Vaginal atrophy is usually a simple and treatable condition if reported at an early stage. If treatment is delayed, the result may be changes which affect a woman’s health, self-esteem, body image, personal relationships, sexual intimacy and overall quality of life.

Avoiding these undesirable consequences should be a simple matter, but clearly there is a significant taboo around this subject that prevents many women, from seeking help.

Helpful information:

If you are suffering from vaginal dryness, rather than atrophy, then a combination cream of both progesterone and oestrogen such as 20-1 can be helpful. For atrophy initially this will not be sufficient oestrogen so a supplementary form from a doctor will be needed.

However once the initial condition is treated with a separate oestrogen, and is then stable, a combination cream can be used on its own.

http://www.bio-hormone-health.com/2015/06/01/when-sex-is-painful-what-can-you-do/

 

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Please feel free to discuss this article in the comments section below, but note that the author cannot respond to queries made there.
Comments 10
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AnnA Rushton | 11:06 am, September 23rd, 2016

We can’t advise you on prescription drugs Heather you do need to speak to your doctor, however you may find 20-1, which is a combination cream with the majority ingredient of progesterone with two natural oestrogens added is more effective for you than just progesterone alone, as in Serenity.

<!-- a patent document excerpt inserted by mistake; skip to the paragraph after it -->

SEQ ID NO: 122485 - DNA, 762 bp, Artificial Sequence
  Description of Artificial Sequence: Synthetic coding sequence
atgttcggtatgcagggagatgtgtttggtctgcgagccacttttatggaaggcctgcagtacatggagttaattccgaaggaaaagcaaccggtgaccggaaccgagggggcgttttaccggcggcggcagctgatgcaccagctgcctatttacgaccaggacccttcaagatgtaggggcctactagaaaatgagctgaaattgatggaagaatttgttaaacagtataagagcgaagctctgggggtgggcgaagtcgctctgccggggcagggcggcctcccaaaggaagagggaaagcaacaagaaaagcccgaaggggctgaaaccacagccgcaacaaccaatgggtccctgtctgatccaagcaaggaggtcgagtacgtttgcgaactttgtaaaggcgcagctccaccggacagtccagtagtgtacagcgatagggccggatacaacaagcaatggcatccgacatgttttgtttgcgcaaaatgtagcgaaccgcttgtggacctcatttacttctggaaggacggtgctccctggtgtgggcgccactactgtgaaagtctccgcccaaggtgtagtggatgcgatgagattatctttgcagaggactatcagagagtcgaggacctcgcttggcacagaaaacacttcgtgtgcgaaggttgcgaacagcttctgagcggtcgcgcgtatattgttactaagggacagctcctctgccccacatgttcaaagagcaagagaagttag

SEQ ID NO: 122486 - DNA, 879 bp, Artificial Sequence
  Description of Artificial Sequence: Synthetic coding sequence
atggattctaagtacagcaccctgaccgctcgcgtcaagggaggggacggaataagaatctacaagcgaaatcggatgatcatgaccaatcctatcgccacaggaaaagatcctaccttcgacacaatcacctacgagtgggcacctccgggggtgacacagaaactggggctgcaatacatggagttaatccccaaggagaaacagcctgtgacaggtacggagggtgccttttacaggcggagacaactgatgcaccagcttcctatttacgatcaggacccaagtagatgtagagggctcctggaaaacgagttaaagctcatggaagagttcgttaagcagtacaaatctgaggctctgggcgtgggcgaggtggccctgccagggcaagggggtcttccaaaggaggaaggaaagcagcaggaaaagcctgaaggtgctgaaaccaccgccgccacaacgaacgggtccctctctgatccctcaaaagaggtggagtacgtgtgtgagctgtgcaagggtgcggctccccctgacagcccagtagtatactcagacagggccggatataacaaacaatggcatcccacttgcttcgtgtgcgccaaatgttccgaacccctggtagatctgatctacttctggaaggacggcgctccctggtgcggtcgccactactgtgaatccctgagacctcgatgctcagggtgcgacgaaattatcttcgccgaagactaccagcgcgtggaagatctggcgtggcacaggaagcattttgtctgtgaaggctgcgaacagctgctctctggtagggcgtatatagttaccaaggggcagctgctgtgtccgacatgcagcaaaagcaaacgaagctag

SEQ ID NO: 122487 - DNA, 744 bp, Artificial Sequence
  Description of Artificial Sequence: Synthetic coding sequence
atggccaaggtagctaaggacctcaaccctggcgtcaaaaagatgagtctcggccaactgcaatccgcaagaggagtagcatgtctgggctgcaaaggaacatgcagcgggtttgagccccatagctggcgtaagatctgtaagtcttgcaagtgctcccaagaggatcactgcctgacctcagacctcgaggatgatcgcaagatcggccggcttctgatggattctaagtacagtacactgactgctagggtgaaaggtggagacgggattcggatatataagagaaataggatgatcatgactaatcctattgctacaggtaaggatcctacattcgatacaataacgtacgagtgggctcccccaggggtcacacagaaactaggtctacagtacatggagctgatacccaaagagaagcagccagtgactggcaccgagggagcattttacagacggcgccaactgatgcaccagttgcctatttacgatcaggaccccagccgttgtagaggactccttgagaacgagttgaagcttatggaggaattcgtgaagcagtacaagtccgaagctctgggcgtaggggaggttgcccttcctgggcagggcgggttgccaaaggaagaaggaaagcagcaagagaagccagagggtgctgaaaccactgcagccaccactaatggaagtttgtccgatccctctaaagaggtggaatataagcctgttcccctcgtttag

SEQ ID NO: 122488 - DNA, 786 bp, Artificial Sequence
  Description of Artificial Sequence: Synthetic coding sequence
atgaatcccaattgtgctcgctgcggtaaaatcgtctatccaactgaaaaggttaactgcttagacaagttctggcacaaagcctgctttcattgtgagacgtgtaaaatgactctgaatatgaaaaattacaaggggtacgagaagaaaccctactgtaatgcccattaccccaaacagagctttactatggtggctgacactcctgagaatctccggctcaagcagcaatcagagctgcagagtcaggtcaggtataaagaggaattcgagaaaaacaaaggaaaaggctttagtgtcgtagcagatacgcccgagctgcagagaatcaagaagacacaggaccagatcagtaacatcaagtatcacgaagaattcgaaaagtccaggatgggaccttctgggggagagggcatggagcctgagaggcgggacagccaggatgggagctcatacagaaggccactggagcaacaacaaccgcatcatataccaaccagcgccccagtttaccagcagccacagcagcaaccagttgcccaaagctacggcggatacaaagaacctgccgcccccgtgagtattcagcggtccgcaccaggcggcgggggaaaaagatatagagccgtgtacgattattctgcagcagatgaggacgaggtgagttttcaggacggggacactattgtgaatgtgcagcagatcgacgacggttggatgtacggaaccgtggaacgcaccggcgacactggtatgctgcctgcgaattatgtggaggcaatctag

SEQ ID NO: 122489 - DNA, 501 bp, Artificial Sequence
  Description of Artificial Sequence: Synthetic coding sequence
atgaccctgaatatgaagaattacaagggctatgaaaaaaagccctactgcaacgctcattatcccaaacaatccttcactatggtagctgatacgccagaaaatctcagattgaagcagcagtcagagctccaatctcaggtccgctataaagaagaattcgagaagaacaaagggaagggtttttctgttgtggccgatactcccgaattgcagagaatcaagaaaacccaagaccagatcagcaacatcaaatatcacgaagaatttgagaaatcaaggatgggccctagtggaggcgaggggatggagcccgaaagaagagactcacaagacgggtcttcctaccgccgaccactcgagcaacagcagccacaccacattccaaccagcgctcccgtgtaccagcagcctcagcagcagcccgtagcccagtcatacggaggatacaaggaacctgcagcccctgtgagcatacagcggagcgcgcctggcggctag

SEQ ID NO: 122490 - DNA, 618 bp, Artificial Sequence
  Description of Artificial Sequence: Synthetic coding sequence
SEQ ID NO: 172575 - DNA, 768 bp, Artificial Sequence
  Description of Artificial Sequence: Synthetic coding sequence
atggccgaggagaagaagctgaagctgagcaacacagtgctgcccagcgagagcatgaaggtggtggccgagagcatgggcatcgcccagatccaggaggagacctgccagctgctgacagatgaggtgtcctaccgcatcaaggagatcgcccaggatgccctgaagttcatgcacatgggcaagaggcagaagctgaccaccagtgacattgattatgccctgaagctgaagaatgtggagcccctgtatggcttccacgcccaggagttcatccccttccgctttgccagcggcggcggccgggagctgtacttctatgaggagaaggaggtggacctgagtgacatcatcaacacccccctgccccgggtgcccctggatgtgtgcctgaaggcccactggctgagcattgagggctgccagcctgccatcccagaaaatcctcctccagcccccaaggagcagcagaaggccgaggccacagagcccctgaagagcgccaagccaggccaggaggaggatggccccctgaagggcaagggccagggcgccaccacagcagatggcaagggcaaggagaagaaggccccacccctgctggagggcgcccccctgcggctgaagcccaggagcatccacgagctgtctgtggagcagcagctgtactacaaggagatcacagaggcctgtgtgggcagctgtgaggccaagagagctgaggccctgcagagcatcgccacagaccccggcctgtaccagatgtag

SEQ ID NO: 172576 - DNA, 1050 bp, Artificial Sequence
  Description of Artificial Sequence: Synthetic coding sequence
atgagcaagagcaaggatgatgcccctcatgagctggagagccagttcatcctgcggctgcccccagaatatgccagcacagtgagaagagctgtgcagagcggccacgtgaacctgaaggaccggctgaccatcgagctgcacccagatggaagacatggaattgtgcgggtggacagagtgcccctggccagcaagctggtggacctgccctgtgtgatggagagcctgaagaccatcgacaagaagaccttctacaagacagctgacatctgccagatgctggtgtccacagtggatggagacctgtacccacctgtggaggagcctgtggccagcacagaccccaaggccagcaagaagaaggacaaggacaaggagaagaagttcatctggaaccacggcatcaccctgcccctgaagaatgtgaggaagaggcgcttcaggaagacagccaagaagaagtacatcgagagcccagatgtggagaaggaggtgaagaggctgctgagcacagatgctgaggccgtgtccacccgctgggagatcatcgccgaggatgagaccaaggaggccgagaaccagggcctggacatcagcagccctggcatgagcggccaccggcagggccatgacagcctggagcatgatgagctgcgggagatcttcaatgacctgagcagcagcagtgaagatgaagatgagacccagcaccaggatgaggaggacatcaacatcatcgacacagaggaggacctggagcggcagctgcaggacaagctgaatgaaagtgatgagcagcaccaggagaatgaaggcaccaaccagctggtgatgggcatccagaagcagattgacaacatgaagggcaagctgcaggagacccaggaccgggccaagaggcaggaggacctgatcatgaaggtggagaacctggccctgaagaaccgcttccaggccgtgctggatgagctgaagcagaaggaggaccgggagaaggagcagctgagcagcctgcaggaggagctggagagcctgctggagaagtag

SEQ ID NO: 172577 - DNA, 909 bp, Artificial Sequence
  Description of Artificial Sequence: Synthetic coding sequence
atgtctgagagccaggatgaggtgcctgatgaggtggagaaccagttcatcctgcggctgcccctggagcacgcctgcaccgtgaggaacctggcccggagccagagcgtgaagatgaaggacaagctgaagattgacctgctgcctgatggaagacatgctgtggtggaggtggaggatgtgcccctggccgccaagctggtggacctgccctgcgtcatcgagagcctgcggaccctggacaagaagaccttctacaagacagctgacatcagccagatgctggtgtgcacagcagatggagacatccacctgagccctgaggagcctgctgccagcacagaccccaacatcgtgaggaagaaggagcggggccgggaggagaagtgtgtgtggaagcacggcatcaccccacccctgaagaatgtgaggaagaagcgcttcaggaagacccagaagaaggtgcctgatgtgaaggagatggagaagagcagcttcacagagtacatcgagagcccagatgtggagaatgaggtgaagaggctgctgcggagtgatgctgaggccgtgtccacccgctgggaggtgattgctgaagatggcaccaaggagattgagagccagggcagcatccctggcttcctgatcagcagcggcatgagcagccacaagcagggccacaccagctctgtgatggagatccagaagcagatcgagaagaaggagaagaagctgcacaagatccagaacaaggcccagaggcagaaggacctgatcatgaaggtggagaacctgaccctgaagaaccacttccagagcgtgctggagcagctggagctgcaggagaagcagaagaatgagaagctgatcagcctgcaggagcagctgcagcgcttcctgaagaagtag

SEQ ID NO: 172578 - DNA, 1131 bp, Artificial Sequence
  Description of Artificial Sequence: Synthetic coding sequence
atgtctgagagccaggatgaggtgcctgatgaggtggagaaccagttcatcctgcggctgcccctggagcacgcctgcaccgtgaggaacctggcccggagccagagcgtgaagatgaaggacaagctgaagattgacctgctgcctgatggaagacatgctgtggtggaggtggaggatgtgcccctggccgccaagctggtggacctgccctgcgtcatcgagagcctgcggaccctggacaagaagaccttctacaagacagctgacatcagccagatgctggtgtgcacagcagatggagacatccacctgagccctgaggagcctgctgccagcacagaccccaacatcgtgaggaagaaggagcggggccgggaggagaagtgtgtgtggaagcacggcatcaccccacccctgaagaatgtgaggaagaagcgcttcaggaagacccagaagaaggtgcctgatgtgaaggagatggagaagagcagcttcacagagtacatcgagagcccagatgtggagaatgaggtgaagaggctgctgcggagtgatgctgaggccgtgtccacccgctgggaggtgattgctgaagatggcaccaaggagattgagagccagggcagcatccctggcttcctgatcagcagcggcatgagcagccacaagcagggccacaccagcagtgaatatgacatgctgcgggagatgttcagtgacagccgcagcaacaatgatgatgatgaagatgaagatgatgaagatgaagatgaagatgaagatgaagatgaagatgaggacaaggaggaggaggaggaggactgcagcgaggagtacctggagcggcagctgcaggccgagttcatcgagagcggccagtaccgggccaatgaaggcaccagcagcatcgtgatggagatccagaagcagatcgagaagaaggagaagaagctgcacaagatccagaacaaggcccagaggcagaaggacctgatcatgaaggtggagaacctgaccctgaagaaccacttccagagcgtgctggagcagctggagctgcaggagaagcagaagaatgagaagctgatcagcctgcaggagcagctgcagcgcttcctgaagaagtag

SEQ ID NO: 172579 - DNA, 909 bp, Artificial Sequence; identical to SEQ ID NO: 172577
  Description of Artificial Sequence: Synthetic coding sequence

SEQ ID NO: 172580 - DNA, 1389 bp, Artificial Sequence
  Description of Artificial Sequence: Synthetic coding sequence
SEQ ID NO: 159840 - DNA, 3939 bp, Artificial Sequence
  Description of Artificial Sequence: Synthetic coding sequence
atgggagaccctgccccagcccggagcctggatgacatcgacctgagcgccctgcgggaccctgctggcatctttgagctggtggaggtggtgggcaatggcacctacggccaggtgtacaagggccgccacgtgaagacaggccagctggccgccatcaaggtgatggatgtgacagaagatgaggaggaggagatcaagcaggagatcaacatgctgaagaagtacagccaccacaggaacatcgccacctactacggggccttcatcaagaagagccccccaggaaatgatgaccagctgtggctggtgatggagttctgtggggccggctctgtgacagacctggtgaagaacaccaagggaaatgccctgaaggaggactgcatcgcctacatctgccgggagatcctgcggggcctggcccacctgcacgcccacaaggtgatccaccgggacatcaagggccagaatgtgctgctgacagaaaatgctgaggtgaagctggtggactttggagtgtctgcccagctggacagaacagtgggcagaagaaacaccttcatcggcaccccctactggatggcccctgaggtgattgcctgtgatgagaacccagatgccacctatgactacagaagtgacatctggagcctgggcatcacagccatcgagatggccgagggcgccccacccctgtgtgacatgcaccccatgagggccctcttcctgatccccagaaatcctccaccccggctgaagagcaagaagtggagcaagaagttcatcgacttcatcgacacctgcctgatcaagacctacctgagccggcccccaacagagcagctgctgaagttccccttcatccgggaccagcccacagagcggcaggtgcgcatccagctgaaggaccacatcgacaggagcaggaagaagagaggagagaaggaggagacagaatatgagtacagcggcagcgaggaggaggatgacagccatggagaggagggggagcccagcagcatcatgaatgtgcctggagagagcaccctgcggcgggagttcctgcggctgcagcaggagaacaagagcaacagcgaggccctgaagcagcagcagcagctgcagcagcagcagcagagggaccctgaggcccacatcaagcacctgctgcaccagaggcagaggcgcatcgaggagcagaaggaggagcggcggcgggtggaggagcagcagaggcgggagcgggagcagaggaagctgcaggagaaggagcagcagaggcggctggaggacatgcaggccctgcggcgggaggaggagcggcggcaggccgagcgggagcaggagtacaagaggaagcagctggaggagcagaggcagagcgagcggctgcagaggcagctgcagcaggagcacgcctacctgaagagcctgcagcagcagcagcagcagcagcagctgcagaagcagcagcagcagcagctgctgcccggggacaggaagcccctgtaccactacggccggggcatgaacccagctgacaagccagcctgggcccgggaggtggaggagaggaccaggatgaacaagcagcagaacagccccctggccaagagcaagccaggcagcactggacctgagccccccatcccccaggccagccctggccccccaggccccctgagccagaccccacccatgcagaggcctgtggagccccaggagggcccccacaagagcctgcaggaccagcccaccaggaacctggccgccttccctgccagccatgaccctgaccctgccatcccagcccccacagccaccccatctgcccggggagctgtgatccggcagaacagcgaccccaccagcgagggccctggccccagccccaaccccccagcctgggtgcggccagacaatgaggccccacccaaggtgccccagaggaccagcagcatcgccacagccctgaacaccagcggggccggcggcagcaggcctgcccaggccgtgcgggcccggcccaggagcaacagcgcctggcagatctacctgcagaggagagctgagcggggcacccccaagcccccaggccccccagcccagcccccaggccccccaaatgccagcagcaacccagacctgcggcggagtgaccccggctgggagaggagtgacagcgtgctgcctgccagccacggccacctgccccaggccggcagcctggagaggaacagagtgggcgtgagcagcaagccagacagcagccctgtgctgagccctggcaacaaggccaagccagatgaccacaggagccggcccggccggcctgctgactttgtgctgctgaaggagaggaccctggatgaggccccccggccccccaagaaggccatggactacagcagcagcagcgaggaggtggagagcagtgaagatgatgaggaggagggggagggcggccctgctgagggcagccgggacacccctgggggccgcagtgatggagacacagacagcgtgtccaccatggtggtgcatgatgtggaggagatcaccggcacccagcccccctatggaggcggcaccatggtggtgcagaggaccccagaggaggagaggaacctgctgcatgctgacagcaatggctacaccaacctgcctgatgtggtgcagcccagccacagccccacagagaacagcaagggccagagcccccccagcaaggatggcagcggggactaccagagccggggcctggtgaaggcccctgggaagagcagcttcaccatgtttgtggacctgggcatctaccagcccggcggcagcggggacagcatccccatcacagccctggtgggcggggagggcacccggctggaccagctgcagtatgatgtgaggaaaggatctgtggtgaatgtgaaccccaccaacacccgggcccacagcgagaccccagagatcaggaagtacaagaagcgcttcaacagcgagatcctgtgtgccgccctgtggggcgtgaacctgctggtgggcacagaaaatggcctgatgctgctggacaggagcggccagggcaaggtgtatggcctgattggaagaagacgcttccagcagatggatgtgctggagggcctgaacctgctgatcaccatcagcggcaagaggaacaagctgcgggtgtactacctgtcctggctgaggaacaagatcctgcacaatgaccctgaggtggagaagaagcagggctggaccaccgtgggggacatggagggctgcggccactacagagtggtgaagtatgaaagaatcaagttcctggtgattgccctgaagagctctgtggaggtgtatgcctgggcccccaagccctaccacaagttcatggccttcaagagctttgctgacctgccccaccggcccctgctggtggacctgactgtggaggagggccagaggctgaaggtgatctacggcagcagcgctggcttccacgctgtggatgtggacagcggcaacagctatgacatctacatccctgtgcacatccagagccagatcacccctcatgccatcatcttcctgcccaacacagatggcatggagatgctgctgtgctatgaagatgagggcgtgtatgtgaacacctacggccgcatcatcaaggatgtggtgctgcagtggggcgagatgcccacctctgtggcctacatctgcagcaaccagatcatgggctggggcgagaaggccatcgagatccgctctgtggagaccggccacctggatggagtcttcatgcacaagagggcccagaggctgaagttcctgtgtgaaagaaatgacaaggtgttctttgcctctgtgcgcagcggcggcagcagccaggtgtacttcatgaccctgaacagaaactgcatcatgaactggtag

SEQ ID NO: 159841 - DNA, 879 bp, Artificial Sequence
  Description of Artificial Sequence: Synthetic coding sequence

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Heather | 6:34 pm, September 22nd, 2016

I had Vaginal Dryness even though I was using Estriol cream. I also used Biodentical Progesterone cream twice a day. When I reduced the Progesterone to once a day the dryness went away. However, a year on and now it has returned even though still use the Estriol (Gynest) cream and progesterone. I wondered should I change to Vagifem, and would it be safe to use I am 66 years. Thank you.

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Dr Tony Coope | 11:09 pm, June 24th, 2011

sj: even if everything else is fine, it’s still very much worth treating VA, as this will minimise the risk of any progression to chronic inflammation, recurrent infections and symptoms related to the urethra and bladder (frequency, urgency, waking at night and even incontinence), which can become resistant to treatment the longer they continue. It also reduces the risk of these symptoms being mis-diagnosed as recurrent cystitis, and antibiotics being repeatedly and unnecessarily prescribed.
Standard estrogen therapy in the form of Gynest or Vagifem is safe and effective, and you can also apply progesterone cream where there is inflammation. There is now a 20:1 combined progesterone/estrogen cream available, which I think will be worth assessing.

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sj | 5:37 pm, June 24th, 2011

I am 63 and not married or otherwise sexually active . I went through menapause about 10 yrs ago. I now am dealing with vaginal atrophy and have just been living with it because not sexually active. But maybe I should do something about it now , since i have heard about bio identical hormons. It would be nice to have a little more muscle tone down there even if I am the only one who knows about it right now. Can you tell me if this is a good treatment for it? I feel just fine, no more hot flashes or other symptoms other than the atrophy .